Saturday, February 20, 2010

The Houben story - things that are too good to be true

Too often, miracles aren't.

The Guardian - Nov 23, 2009 ...
Trapped in his own body for 23 years - the coma victim who screamed unheard | World news | The Guardian

For 23 years Rom Houben was imprisoned in his own body. He saw his doctors and nurses as they visited him during their daily rounds; he listened to the conversations of his carers; he heard his mother deliver the news to him that his father had died. But he could do nothing. He was unable to communicate with his doctors or family. He could not move his head or weep, he could only listen.

Doctors presumed he was in a vegetative state following a near-fatal car crash in 1983. They believed he could feel nothing and hear nothing. For 23 years...
The article refers to the results of a new brain scan that showed normal activity. Houben had been "locked in", but conscious. The story received international attention. It seemed plausible to me, though horrifying. The implications were obvious for the care of other persons in a vegetative state.

Except ... Looking at it on the original Guradian article one can see an aide holding Rom Houben's hand. It's the only clue that his communications were "facilitated". I never saw that picture. Had I seen it I'd have been very skeptical. Facilitated communication is a tragic deception.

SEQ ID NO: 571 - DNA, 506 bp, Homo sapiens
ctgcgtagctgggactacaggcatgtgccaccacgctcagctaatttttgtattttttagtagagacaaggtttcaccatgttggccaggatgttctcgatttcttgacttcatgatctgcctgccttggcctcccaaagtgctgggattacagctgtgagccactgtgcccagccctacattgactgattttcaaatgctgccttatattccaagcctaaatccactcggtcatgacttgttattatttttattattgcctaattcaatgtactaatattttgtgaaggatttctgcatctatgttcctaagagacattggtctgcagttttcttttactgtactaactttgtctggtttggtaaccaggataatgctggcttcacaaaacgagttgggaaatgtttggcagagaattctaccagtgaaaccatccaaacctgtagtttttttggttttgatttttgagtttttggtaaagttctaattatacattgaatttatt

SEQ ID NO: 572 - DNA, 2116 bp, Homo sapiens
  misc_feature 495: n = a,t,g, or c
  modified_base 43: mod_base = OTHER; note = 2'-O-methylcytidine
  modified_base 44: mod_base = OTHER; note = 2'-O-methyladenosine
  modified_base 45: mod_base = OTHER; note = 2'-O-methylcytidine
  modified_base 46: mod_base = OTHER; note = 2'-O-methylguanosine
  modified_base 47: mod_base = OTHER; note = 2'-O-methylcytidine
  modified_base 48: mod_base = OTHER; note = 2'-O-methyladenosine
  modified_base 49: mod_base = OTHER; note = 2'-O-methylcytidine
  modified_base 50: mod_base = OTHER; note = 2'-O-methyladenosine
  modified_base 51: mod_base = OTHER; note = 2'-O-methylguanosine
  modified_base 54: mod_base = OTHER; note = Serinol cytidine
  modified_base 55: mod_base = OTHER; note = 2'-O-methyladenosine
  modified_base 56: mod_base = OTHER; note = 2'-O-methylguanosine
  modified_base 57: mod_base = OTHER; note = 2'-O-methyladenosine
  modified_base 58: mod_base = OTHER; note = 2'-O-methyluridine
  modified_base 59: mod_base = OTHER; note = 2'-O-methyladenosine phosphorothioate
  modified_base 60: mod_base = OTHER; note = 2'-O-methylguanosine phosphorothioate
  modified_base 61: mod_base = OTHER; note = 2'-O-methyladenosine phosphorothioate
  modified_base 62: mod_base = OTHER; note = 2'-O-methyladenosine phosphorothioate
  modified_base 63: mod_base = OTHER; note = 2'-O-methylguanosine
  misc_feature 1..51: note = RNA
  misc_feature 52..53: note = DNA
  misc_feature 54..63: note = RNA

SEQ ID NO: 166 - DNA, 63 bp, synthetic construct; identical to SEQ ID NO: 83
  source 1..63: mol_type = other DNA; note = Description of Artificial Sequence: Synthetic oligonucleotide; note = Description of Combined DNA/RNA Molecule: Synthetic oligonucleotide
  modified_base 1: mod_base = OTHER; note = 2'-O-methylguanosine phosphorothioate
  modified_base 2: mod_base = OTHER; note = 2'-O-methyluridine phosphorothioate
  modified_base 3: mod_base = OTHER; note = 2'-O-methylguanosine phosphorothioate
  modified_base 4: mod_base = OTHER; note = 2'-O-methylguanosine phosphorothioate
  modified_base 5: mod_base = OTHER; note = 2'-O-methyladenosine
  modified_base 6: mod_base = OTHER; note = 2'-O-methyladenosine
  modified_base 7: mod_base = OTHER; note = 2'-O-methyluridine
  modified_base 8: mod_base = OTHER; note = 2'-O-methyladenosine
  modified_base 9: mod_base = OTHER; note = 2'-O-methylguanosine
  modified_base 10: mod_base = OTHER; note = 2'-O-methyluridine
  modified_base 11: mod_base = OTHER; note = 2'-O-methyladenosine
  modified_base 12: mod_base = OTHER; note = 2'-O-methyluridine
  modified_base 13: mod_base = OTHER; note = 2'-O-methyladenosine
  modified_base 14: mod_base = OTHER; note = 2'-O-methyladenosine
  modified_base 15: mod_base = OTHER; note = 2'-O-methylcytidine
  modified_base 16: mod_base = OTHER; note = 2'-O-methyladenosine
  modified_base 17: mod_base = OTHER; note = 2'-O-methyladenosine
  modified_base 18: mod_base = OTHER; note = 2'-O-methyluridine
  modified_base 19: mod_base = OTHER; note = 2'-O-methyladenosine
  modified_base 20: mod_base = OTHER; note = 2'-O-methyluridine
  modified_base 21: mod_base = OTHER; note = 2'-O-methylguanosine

Today, Feb 20, 2010, the Guardian reports ...
No miracle as brain-damaged patient proved unable to communicate | Science | The Guardian
It seemed to be a medical miracle: the car crash victim assumed for 23 years to be in a coma who was suddenly found to be conscious and able to communicate by tapping on a computer.

The sceptics said it was impossible – and it was. The story of Rom Houben of Belgium, which made headlines worldwide last November when he was shown to be "talking", was today revealed to have been nothing of the sort.

Dr Steven Laureys, one of the doctors treating him, acknowledged that his patient could not make himself understood after all. Facilitated communication, the technique said to have made Houben's apparent contact with the outside world possible, did not work, Laureys declared...
It's a terribly sad story for Rom Houben's loved ones and for all the families and friends of persons in vegetative states. Many hopes have been falsely raised.

Miracles, by their very nature, require skepticism. The Guardian should been far more cautious last November. They're an interesting news organization, but they're not the New York Times.

A Google Reader snapshot of the coverage is interesting (click for full size) ...

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